Posted by William Nunnelley on 2007-04-20

Samford University's Latin American Studies program will present a colloquium on "Issues of Indigenous Peoples" Thursday, April 26, at 7 p.m. in Brock Forum of Dwight M. Beeson Hall.

The program, free and open to the public, is part of Samford's Perspectives on Latin America series funded by a grant from the U.S. Department of Education.

Speakers will include Dr. Juan Martinez-Borrero, chair of the department of archeology, anthropology and history of pre-Colombian cultures and Hispano-American art at the University of Cuenca, Ecuador, and Dr. Fred M. Shepherd, chair of the department of political science and co-director of Latin American Studies at Samford.

Martinez-Borrero is an expert on folk art, music, myth, iconography and popular culture of the Caribbean and Andean regions. Shepherd has published widely on Central American religion and politics, and his current research focuses on genocide and the struggle for justice and human rights in Guatemala.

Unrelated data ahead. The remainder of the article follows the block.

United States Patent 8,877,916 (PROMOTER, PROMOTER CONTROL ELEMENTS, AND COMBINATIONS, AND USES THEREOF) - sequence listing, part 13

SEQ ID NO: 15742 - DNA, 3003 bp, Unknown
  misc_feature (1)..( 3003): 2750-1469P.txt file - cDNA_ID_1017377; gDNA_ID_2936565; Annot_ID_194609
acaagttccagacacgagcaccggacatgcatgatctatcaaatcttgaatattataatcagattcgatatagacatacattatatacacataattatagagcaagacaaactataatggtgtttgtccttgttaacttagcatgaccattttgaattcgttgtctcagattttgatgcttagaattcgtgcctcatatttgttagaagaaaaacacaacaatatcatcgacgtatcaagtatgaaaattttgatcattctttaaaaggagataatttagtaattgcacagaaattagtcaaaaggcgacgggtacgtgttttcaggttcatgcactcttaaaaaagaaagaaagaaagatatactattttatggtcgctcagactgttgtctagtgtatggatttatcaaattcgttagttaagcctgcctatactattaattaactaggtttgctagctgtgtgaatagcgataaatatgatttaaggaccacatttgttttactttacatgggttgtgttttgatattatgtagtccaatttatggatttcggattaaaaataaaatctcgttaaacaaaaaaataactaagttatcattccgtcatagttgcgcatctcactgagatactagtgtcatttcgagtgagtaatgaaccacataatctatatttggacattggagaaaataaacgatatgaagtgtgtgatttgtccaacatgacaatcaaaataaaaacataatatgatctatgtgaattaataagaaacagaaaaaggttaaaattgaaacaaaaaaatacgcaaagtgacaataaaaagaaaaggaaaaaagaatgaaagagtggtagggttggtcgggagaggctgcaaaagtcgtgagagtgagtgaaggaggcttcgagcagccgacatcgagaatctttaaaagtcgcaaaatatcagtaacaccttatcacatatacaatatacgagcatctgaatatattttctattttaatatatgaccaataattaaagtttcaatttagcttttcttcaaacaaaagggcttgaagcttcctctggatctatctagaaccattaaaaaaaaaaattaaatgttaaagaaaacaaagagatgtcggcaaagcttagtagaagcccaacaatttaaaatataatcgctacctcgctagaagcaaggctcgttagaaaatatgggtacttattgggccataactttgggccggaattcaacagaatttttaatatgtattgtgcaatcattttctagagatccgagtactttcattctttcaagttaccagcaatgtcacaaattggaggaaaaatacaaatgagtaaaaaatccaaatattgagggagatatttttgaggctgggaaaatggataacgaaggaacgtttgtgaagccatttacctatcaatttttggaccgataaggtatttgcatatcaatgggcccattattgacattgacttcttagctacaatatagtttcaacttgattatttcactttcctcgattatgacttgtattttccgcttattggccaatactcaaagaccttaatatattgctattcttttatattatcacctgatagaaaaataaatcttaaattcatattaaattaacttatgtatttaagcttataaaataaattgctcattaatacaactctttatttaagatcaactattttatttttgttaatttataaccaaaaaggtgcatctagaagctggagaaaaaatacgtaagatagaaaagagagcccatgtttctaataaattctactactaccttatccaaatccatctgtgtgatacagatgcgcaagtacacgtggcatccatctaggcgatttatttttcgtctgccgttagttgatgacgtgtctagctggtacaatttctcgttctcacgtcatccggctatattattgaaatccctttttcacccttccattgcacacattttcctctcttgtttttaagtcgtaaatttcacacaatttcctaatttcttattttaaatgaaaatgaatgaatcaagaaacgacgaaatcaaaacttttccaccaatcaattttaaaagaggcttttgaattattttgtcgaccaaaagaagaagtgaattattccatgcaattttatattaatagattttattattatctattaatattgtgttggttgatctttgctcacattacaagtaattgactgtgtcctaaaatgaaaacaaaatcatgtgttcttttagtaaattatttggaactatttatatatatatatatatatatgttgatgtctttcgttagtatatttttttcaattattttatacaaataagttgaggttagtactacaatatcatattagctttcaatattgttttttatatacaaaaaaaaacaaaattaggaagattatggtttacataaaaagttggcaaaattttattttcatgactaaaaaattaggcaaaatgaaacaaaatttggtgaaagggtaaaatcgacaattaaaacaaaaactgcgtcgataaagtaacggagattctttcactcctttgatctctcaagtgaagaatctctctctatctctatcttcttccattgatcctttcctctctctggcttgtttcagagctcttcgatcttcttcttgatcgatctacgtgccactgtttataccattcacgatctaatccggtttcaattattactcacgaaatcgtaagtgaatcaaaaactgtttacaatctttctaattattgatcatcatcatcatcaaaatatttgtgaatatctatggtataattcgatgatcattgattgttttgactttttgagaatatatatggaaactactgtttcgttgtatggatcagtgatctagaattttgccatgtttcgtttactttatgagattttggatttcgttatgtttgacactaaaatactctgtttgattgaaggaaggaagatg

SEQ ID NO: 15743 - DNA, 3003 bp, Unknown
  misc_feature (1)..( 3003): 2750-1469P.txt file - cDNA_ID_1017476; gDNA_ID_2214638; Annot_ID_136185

Two earlier colloquia in the series examined the political and economic scene and religion and the church in Latin America.

 
Samford is a leading Christian university offering undergraduate programs grounded in the liberal arts with an array of nationally recognized graduate and professional schools. Founded in 1841, Samford is the 87th-oldest institution of higher learning in the United States. The Wall Street Journal ranks Samford 1st nationally for student engagement and U.S. News & World Report ranks Samford 66th in the nation for best undergraduate teaching and 104th nationally for best value. Samford enrolls 5,683 students from 47 states and 19 countries in its 10 academic schools: arts, arts and sciences, business, divinity, education, health professions, law, nursing, pharmacy and public health. Samford fields 17 athletic teams that compete in the tradition-rich Southern Conference, and ranks 3rd nationally for its Graduation Success Rate among all NCAA Division I schools.